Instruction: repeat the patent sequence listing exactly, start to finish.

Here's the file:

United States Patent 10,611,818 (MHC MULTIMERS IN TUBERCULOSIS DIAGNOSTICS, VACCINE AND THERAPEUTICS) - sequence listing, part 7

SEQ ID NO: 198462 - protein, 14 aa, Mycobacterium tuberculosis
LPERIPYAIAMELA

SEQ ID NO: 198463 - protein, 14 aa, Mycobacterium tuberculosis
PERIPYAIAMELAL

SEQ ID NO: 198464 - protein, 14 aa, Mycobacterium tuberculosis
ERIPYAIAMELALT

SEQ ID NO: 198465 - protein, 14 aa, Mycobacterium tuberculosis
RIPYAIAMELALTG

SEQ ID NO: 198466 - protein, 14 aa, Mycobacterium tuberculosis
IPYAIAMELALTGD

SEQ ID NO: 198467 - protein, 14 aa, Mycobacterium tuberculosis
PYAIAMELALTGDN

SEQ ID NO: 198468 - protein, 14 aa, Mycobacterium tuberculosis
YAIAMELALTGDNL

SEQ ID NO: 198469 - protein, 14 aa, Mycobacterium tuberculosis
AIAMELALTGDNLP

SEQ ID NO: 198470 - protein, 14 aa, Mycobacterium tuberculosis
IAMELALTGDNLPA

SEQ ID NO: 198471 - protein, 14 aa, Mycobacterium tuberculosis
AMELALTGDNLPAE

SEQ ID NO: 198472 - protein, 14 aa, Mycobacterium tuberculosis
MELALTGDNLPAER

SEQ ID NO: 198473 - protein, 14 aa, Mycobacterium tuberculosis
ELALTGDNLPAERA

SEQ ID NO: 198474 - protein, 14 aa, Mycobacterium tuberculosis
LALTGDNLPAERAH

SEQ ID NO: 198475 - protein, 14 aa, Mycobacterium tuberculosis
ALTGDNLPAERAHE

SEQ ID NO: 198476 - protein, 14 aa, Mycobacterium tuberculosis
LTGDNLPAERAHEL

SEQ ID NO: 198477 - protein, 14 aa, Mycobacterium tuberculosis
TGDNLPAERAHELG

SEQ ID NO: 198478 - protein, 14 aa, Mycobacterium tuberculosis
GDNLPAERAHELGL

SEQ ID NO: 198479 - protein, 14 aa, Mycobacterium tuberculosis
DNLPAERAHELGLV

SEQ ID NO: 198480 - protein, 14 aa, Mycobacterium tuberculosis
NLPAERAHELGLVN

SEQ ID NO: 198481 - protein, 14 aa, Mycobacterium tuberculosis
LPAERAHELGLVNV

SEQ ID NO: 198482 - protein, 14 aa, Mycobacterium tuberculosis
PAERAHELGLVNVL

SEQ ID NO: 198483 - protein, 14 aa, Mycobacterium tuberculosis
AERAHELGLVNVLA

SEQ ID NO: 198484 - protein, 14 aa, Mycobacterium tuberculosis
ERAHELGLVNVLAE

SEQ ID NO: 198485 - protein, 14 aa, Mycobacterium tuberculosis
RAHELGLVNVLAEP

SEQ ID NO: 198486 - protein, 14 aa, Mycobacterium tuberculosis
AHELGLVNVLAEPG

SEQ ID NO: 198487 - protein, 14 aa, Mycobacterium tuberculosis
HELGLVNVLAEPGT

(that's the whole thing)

United States Patent 10,611,818 (MHC MULTIMERS IN TUBERCULOSIS DIAGNOSTICS, VACCINE AND THERAPEUTICS) - sequence listing, part 7

SEQ ID NO: 198462 - protein, 14 aa, Mycobacterium tuberculosis
LPERIPYAIAMELA

SEQ ID NO: 198463 - protein, 14 aa, Mycobacterium tuberculosis
PERIPYAIAMELAL

SEQ ID NO: 198464 - protein, 14 aa, Mycobacterium tuberculosis
ERIPYAIAMELALT

SEQ ID NO: 198465 - protein, 14 aa, Mycobacterium tuberculosis
RIPYAIAMELALTG

SEQ ID NO: 198466 - protein, 14 aa, Mycobacterium tuberculosis
IPYAIAMELALTGD

SEQ ID NO: 198467 - protein, 14 aa, Mycobacterium tuberculosis
PYAIAMELALTGDN

SEQ ID NO: 198468 - protein, 14 aa, Mycobacterium tuberculosis
YAIAMELALTGDNL

SEQ ID NO: 198469 - protein, 14 aa, Mycobacterium tuberculosis
AIAMELALTGDNLP

SEQ ID NO: 198470 - protein, 14 aa, Mycobacterium tuberculosis
IAMELALTGDNLPA

SEQ ID NO: 198471 - protein, 14 aa, Mycobacterium tuberculosis
AMELALTGDNLPAE

SEQ ID NO: 198472 - protein, 14 aa, Mycobacterium tuberculosis
MELALTGDNLPAER

SEQ ID NO: 198473 - protein, 14 aa, Mycobacterium tuberculosis
ELALTGDNLPAERA

SEQ ID NO: 198474 - protein, 14 aa, Mycobacterium tuberculosis
LALTGDNLPAERAH

SEQ ID NO: 198475 - protein, 14 aa, Mycobacterium tuberculosis
ALTGDNLPAERAHE

SEQ ID NO: 198476 - protein, 14 aa, Mycobacterium tuberculosis
LTGDNLPAERAHEL

SEQ ID NO: 198477 - protein, 14 aa, Mycobacterium tuberculosis
TGDNLPAERAHELG

SEQ ID NO: 198478 - protein, 14 aa, Mycobacterium tuberculosis
GDNLPAERAHELGL

SEQ ID NO: 198479 - protein, 14 aa, Mycobacterium tuberculosis
DNLPAERAHELGLV

SEQ ID NO: 198480 - protein, 14 aa, Mycobacterium tuberculosis
NLPAERAHELGLVN

SEQ ID NO: 198481 - protein, 14 aa, Mycobacterium tuberculosis
LPAERAHELGLVNV

SEQ ID NO: 198482 - protein, 14 aa, Mycobacterium tuberculosis
PAERAHELGLVNVL

SEQ ID NO: 198483 - protein, 14 aa, Mycobacterium tuberculosis
AERAHELGLVNVLA

SEQ ID NO: 198484 - protein, 14 aa, Mycobacterium tuberculosis
ERAHELGLVNVLAE

SEQ ID NO: 198485 - protein, 14 aa, Mycobacterium tuberculosis
RAHELGLVNVLAEP

SEQ ID NO: 198486 - protein, 14 aa, Mycobacterium tuberculosis
AHELGLVNVLAEPG

SEQ ID NO: 198487 - protein, 14 aa, Mycobacterium tuberculosis
HELGLVNVLAEPGT